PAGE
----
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Port competition between Shanghai and Ningbo

Kevin Cullinane, Yahui Teng and Teng-Fei Wang

Maritime Policy & Management, 2005, vol. 32, issue 4, 331-346

Abstract: The objective of this paper is to analyse the relative competitiveness of the neighbouring container ports of Shanghai and Ningbo in China and to develop a view of the likely future outcome of the competition between them. After assessing the demand for their services within what is hypothesized as a shared hinterland, current supply and future expansion plans are detailed and considered within the two ports’ wider development strategies. The relative competitiveness of the two ports is then evaluated on the basis of price and quality of service, as embodied within the concept of generalized cost as incurred by customers. A critical political dimension is a necessary element of this analysis. It is concluded that continued economic development in the hinterland, central government policies on regional development and China's accession to the World Trade Organization (WTO) will all contribute to growing demand for port services. However, Ningbo will continue to gain greater market share as the result of advantages in its natural endowments (particularly depth of water), price (especially in terms of recovering the cost of capacity expansions) and quality of service improvements that are predicted to emerge as the result of currently planned enhancements to inland transport infrastructure and logistical systems.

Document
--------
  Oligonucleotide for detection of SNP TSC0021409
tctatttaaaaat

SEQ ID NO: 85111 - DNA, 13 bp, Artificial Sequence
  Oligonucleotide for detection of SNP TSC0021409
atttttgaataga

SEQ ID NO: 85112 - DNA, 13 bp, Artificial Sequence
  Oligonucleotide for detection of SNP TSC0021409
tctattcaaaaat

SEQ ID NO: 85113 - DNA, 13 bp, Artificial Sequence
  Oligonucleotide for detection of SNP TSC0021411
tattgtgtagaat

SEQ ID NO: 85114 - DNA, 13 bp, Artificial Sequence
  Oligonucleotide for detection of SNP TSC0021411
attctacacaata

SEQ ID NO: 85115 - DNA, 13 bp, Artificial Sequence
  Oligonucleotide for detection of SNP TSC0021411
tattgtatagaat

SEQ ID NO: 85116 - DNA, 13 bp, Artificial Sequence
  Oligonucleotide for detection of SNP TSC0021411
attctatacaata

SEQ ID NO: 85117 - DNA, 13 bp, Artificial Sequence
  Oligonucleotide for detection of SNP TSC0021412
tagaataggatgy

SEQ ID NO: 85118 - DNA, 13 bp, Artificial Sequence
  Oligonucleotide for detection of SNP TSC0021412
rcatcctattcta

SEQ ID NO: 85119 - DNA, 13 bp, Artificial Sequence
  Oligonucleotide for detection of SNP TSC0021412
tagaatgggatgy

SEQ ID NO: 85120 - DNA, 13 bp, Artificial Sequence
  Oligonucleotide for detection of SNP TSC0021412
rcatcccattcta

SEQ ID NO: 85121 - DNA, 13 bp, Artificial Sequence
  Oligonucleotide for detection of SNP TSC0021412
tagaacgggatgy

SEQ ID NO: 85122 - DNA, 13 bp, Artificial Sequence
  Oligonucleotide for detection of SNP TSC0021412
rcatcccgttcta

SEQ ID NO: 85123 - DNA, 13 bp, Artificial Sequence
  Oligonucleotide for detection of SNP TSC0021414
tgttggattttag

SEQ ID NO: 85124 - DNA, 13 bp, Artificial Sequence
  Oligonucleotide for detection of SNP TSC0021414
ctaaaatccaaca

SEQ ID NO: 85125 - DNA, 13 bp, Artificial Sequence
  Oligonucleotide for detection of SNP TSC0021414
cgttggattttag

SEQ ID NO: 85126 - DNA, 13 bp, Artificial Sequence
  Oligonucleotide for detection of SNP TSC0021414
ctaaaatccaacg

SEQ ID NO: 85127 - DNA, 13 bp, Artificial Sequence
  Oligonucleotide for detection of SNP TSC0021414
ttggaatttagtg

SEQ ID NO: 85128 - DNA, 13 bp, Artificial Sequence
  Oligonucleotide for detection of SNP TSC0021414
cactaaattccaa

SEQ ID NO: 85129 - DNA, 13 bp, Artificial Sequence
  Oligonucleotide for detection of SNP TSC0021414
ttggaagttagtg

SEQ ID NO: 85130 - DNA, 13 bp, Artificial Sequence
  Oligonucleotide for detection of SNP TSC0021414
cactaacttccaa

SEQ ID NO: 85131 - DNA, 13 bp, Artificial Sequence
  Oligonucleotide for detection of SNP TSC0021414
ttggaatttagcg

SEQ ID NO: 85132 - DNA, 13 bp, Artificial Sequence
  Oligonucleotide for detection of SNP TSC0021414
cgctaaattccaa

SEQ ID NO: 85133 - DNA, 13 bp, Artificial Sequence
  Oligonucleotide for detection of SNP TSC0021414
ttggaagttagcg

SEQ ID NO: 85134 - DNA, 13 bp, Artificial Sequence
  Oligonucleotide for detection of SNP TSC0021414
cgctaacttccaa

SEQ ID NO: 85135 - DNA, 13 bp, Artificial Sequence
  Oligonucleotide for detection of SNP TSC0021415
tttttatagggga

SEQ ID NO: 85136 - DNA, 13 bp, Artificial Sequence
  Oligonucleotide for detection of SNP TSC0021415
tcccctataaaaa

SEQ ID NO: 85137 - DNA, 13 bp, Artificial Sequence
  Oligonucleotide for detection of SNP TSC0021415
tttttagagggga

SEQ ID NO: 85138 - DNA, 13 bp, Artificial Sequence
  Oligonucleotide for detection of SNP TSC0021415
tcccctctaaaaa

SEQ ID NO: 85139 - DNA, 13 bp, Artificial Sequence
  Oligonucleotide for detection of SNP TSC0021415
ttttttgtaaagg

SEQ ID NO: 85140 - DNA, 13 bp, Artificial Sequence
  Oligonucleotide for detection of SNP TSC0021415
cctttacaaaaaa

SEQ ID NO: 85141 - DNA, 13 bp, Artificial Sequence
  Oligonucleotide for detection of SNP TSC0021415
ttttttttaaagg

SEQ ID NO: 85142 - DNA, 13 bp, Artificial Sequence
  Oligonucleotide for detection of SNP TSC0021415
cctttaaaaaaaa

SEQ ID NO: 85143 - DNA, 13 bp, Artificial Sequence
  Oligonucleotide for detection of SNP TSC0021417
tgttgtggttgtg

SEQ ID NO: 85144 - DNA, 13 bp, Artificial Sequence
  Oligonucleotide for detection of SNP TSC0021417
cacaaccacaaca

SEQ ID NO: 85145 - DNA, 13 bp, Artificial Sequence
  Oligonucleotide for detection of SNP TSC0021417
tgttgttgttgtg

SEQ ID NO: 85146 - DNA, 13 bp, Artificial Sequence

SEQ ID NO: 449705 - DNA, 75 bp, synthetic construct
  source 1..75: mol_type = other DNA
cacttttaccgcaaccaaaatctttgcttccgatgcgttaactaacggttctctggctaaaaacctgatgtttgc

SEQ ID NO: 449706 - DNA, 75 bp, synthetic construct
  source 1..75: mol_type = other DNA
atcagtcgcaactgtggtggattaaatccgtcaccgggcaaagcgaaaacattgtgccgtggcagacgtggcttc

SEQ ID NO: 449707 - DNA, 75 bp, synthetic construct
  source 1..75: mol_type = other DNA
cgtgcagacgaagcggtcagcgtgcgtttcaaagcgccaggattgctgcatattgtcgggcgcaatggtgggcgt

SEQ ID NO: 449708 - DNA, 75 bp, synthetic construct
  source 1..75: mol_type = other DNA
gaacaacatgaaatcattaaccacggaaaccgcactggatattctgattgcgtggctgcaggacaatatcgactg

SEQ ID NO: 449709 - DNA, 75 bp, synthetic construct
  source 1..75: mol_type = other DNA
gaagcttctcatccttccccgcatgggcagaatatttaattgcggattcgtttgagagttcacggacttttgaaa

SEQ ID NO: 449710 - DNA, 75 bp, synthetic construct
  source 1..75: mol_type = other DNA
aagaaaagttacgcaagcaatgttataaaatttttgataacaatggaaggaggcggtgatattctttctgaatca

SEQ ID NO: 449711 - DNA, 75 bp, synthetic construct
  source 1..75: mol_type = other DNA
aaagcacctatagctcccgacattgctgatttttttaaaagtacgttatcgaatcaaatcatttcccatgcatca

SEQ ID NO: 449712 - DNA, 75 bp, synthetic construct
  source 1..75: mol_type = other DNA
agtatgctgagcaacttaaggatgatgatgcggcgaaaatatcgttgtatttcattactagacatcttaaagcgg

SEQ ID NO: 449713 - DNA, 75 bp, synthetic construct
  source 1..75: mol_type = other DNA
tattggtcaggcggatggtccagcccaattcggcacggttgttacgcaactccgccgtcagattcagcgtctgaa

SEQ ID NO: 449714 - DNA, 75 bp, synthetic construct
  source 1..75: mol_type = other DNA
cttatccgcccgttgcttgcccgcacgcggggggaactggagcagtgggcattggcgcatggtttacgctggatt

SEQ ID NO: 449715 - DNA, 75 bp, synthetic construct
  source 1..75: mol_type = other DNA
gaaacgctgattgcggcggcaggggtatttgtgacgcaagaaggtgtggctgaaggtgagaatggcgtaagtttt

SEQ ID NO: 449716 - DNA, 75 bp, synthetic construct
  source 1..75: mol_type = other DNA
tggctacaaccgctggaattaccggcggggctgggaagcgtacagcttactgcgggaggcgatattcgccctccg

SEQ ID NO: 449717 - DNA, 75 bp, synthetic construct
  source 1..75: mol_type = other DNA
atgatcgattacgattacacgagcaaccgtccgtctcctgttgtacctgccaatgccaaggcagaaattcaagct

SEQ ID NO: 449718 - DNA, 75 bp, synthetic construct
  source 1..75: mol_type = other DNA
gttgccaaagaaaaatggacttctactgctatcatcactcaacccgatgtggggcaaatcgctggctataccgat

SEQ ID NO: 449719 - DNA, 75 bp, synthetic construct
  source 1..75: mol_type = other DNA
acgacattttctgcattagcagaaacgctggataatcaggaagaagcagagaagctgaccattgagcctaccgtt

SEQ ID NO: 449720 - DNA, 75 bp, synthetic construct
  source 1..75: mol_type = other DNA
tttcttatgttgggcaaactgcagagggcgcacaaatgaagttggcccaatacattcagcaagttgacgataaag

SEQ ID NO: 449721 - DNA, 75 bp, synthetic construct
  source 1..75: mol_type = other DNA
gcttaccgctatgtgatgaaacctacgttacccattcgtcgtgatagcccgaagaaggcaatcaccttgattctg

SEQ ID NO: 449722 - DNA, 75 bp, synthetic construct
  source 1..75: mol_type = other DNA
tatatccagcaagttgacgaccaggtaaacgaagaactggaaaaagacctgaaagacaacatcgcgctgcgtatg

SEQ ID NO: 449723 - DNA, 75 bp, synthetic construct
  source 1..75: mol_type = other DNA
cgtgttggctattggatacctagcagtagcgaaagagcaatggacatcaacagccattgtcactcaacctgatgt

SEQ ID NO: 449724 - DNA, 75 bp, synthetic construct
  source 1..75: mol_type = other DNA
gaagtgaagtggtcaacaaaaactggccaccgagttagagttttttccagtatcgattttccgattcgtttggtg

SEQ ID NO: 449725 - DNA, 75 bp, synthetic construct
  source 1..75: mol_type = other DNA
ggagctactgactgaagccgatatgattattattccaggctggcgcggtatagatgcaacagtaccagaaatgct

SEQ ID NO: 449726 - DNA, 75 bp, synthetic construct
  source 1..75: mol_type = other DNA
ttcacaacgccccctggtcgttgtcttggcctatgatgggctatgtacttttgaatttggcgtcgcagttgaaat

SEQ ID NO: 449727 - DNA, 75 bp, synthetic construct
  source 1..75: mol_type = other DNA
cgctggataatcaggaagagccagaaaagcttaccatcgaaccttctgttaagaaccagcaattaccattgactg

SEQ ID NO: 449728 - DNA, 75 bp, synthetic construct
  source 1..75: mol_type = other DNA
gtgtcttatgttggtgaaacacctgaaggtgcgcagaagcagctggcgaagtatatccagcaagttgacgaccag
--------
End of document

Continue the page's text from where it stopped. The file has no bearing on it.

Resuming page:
Date: 2005
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